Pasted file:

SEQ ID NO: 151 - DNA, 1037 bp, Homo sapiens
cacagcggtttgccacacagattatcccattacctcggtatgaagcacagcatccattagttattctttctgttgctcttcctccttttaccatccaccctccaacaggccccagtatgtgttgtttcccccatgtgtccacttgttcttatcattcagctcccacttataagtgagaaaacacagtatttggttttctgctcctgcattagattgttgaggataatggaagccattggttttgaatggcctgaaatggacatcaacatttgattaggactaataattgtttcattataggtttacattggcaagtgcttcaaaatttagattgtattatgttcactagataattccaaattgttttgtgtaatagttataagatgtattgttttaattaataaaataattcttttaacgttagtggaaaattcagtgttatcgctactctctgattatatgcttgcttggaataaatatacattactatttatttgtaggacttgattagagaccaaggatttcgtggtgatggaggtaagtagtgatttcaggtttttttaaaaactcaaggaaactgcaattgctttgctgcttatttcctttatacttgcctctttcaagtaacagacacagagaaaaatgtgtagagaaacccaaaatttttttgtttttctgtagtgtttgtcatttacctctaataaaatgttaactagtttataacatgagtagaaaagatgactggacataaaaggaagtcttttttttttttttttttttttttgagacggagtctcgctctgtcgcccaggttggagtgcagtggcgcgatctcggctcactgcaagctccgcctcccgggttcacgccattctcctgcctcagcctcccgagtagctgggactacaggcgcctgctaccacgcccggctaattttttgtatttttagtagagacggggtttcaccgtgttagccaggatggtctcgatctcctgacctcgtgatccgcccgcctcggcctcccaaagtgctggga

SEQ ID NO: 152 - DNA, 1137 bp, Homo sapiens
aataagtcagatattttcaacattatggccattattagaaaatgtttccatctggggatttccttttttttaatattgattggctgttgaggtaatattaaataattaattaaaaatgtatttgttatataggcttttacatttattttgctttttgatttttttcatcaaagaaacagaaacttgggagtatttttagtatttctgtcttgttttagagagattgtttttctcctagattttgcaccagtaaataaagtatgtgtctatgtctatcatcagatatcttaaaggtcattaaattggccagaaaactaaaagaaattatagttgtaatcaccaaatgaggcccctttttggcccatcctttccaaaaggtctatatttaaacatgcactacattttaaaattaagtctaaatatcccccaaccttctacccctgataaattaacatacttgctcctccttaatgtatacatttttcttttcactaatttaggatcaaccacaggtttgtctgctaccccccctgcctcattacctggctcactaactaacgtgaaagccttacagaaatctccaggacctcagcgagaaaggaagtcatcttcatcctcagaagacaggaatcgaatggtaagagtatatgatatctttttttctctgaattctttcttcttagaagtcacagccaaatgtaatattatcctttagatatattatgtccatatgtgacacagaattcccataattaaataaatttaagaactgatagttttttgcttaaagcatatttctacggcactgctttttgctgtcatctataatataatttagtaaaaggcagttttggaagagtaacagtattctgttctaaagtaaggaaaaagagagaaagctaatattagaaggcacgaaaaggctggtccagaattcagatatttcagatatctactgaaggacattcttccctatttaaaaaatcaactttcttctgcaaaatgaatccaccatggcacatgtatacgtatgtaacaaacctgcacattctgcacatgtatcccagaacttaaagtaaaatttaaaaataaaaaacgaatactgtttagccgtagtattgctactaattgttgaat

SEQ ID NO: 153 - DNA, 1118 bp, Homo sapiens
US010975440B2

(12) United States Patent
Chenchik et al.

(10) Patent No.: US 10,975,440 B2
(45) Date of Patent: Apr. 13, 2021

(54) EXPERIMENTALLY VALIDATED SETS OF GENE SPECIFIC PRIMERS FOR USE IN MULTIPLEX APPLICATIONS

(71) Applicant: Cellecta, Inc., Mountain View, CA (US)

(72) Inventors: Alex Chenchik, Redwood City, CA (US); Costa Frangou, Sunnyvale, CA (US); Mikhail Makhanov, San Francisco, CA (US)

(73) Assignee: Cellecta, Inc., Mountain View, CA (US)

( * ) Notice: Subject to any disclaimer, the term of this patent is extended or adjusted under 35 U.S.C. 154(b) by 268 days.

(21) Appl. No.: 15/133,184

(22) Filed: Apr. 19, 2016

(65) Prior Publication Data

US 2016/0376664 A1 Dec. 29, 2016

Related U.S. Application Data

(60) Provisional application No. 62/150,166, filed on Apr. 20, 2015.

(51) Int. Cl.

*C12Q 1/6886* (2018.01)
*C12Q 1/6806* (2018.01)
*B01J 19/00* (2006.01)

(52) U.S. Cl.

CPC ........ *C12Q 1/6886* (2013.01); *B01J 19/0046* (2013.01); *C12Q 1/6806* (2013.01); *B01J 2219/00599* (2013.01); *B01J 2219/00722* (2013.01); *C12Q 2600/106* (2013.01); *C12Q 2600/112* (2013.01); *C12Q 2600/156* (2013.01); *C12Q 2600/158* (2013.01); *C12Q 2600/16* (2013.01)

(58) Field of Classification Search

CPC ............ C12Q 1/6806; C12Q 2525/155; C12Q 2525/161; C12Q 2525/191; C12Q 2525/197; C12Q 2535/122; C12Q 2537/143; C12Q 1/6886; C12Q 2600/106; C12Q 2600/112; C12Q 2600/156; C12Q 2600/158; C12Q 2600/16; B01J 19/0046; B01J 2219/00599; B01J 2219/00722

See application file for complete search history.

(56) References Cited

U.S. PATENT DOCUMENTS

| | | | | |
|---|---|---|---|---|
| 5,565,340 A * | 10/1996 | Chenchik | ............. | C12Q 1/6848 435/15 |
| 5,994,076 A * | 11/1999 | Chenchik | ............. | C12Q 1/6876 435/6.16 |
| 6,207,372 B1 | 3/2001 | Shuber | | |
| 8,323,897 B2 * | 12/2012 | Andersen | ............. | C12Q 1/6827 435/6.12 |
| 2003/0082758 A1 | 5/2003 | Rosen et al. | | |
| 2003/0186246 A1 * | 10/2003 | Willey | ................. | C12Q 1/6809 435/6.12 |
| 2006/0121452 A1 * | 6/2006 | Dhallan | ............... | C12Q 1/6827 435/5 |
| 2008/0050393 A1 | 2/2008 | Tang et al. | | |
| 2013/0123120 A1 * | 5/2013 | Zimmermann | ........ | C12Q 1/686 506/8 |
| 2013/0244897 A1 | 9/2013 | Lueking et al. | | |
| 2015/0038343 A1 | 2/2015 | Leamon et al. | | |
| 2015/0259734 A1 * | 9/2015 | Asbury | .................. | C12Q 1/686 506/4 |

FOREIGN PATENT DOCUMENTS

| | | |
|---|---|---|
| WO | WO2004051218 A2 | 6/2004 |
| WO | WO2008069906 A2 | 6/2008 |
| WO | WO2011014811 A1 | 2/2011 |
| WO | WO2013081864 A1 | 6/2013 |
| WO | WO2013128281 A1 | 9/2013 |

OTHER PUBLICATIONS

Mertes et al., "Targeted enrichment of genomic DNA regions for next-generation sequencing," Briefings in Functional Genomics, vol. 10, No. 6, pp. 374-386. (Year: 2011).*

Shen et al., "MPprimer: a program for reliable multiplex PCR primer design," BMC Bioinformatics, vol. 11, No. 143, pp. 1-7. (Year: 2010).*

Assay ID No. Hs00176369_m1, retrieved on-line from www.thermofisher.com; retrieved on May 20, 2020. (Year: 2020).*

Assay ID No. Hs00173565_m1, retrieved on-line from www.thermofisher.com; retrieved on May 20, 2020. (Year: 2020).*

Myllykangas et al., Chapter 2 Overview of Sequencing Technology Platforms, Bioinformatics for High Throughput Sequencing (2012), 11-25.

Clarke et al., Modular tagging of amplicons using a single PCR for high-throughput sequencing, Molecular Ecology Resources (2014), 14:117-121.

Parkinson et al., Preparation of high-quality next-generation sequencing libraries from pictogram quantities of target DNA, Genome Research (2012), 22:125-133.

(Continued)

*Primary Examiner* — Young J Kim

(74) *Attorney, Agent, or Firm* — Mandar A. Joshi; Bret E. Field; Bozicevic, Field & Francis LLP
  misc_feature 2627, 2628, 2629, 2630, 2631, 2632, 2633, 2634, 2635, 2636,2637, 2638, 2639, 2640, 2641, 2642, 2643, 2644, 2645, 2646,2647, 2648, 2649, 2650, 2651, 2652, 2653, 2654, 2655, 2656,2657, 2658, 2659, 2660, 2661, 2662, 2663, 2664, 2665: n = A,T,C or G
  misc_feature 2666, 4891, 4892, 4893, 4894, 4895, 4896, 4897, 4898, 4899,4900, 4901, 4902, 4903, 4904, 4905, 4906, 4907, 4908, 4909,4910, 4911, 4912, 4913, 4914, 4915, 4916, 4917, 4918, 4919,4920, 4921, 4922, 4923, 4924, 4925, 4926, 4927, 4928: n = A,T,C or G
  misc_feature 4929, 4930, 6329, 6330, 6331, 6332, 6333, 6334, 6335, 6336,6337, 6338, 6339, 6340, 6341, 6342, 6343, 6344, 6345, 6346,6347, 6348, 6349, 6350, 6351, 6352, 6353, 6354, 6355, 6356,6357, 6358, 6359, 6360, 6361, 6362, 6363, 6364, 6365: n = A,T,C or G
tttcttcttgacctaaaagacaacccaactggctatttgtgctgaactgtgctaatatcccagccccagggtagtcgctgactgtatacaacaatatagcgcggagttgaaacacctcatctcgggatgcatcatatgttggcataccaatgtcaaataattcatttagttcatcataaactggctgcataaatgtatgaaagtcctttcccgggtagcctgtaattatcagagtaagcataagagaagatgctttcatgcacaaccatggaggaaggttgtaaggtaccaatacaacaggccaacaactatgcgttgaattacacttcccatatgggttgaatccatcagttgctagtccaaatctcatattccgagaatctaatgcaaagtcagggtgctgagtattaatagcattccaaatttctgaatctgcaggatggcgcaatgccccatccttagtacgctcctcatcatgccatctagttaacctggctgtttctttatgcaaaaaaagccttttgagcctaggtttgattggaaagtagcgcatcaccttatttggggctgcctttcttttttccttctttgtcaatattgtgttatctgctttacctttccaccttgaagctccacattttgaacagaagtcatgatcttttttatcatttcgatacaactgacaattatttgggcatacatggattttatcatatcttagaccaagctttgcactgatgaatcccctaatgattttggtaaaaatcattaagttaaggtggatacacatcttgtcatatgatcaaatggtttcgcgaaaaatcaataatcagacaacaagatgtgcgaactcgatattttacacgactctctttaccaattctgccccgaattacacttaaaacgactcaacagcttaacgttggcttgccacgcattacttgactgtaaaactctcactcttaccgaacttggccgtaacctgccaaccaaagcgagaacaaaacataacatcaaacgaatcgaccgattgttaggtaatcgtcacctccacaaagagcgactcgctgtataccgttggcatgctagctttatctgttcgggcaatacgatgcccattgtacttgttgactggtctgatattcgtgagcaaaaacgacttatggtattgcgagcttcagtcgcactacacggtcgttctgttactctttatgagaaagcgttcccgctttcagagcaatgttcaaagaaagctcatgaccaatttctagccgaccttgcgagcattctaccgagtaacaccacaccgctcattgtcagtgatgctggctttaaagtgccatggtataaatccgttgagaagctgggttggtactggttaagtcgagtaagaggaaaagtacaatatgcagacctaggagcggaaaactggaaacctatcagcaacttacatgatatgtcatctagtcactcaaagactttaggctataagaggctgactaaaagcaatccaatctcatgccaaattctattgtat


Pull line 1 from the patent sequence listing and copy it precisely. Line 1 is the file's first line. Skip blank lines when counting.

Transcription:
SEQ ID NO: 151 - DNA, 1037 bp, Homo sapiens